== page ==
I see this from both sides. I’m starting a business at the moment. I’m a log way off hiring employees, but when I do I’ll use Google to find me people with passion and ability. Already I’m recruiting potential partners and advisiors, based on their blogs. I think this is a fairer method of assessment for both parties than a 2 page CV full of lies and 1-hour interview which barely scratches the surface.
    Re: La Petite Anglaise, I don’t think her employers have a leg to stand on. I suspect they were looking for an excuse to get rid of her. She seems to be a happy, cheerful type of person – fulfilled in her personal life. I suspect she may have been guilty of coming to work with a smile on her face.
    I think she fell foul of the One Thing that makes bloggers want to hide their identities: the “Who the hell do you think you are?” syndrome!

  8. Around the time Annette started this thread, there were just over 13,000 friends of Ray D’Arcy on Bebo. A weekend passed and now Ray has more than 15,000 friends in his Bebo entourage. The ironic thing is that Ray D’Arcy, during several morning broadcasts, disavows ever signing onto Bebo.
    As hard as you might try to show a genuine face, there’s always the chance that someone else can be you.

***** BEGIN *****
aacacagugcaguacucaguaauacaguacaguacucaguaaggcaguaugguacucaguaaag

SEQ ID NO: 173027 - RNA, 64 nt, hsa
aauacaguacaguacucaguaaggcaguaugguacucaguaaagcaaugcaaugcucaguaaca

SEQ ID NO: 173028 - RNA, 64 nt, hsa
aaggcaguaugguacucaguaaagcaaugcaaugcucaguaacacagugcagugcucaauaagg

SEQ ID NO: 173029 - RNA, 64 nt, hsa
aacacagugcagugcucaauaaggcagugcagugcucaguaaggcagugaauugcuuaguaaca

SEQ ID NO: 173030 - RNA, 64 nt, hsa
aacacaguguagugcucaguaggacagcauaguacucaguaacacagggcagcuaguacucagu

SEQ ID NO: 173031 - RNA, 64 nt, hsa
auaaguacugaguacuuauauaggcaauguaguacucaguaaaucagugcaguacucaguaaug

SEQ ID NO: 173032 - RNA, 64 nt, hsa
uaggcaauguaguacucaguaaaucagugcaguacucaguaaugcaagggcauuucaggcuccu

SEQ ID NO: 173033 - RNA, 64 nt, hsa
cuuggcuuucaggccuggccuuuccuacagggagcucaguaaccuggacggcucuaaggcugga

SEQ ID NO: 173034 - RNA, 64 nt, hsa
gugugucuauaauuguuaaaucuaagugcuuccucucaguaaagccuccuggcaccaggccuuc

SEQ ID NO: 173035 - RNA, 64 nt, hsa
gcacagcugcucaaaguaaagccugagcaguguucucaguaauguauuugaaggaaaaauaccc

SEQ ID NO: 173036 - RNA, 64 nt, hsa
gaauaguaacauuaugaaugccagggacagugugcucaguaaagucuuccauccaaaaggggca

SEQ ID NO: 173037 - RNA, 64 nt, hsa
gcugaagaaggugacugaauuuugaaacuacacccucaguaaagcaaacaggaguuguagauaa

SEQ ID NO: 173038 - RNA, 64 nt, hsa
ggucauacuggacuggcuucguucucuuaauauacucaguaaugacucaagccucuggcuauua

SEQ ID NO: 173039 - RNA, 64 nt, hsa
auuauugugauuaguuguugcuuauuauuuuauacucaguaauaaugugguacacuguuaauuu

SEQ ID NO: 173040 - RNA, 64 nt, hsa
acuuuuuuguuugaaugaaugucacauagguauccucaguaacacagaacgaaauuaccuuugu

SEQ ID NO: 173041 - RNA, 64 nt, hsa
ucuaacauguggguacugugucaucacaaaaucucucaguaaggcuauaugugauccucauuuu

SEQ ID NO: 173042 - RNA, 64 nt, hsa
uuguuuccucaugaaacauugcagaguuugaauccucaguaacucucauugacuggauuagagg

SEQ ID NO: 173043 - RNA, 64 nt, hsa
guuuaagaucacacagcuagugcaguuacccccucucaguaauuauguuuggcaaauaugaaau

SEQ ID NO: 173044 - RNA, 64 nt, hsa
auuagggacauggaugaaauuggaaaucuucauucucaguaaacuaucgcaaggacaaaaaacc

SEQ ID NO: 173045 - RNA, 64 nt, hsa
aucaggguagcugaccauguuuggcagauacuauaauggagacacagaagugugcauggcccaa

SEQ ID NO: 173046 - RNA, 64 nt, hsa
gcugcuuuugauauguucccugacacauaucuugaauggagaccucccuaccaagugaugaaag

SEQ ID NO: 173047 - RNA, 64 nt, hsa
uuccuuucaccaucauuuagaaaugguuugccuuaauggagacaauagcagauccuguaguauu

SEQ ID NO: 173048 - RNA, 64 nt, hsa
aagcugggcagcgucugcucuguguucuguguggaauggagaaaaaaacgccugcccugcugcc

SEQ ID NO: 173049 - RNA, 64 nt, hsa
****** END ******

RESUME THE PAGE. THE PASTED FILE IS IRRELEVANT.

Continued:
9. Annette
    Great job on the interview. it took me a while to find this post as I had bookmarked your old TOL site and promptly got lost. Anyhow both you and Damien came across great, well done.

  10. Hi Annette, I tend to agree with you on how much of your past life should not be available for scrutiny today. I’m sure that everyone single person on this planet is guilty of some form of delinquency, in fact that is what “experience” means. That you have learned how ‘not’ to do something. However it is becoming increasingly apparent that over zealous HR agencies and managers are not being able to distinguish the fine line that defines “experience” with “irresponsible” and in the process are passing over many a fine addition to their corporations. Some people will not hire you if you do not posses an online identity or figure as an entity on the web. I realise that I do not have one because i very rarely have time to surf the web, however this in no way reflects my competence to work simply because i am too busy out there working in the real world and do not have time to be online other than check my mail. In fact I would not even be on this site if I had not read in the paper about abby lee being unmasked and then chanced upon this discussion. Thanks great discussion though!!